"Yeah that right there was the "spine chiller supreme, rim wrecker, turbo sexaphonic delight.'"


Also, the Barkley race was riveting. I can't even believe that the NBA willingly sanctioned this to happen. I don't know what will be more memorable: Charles busting his ass after nearly losing the race, or the fact that he kissed a male senior citizen on the lips on national TV? I think there was definitely some kind of prop bet for amount of combined points in the All-Star Game compared to Barkley's heart rate after the race...I bet he took the over.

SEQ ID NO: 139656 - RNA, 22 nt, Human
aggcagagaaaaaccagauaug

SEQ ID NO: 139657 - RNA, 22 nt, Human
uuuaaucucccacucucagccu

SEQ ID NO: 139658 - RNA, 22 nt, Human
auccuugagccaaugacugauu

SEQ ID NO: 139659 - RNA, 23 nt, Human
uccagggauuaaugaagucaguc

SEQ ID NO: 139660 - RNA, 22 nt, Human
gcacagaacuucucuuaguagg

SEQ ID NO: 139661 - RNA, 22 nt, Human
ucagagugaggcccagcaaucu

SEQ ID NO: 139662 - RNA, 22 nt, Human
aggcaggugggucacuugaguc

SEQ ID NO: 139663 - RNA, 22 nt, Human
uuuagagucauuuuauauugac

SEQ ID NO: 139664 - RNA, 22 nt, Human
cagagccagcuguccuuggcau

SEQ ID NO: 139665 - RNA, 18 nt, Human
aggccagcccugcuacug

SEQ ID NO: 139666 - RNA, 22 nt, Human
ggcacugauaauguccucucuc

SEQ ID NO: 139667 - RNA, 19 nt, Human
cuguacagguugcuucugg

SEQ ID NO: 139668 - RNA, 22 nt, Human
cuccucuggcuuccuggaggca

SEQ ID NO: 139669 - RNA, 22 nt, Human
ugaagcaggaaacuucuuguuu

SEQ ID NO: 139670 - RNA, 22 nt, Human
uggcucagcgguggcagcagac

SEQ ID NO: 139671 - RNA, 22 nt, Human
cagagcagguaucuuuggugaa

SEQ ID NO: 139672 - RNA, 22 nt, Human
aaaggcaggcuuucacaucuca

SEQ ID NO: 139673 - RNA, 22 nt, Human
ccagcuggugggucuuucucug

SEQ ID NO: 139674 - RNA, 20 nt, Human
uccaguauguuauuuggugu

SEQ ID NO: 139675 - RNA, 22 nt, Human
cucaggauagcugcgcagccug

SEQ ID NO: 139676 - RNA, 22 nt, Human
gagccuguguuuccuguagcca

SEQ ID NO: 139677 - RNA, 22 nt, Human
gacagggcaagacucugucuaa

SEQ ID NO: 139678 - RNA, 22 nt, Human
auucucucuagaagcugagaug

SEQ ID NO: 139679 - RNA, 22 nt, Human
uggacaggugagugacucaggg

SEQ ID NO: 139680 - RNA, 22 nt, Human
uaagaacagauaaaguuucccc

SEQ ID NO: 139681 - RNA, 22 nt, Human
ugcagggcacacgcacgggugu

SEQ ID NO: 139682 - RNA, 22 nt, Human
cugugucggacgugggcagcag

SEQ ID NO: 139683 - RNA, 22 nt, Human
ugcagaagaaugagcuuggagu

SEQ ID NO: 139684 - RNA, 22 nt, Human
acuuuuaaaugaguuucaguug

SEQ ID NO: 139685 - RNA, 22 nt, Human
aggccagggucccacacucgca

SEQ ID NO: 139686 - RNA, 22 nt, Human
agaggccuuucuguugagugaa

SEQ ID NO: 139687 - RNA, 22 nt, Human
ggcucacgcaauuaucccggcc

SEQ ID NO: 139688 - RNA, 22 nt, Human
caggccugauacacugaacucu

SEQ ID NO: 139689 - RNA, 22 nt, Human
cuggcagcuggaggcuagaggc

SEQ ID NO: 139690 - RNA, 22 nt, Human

So February has not been such a hot month for me in terms of sports (outside USC's recruiting class...that was quite delightful). Therefore, with the events that have unfolded in the first month and a half of this year, I am officially renaming this year as "2007: The Year Of The Villain." Seriously, I think it will all come undone this year. Everything that I hoped I would never see is probably going to happen. Here's what's happened already to make me think this way: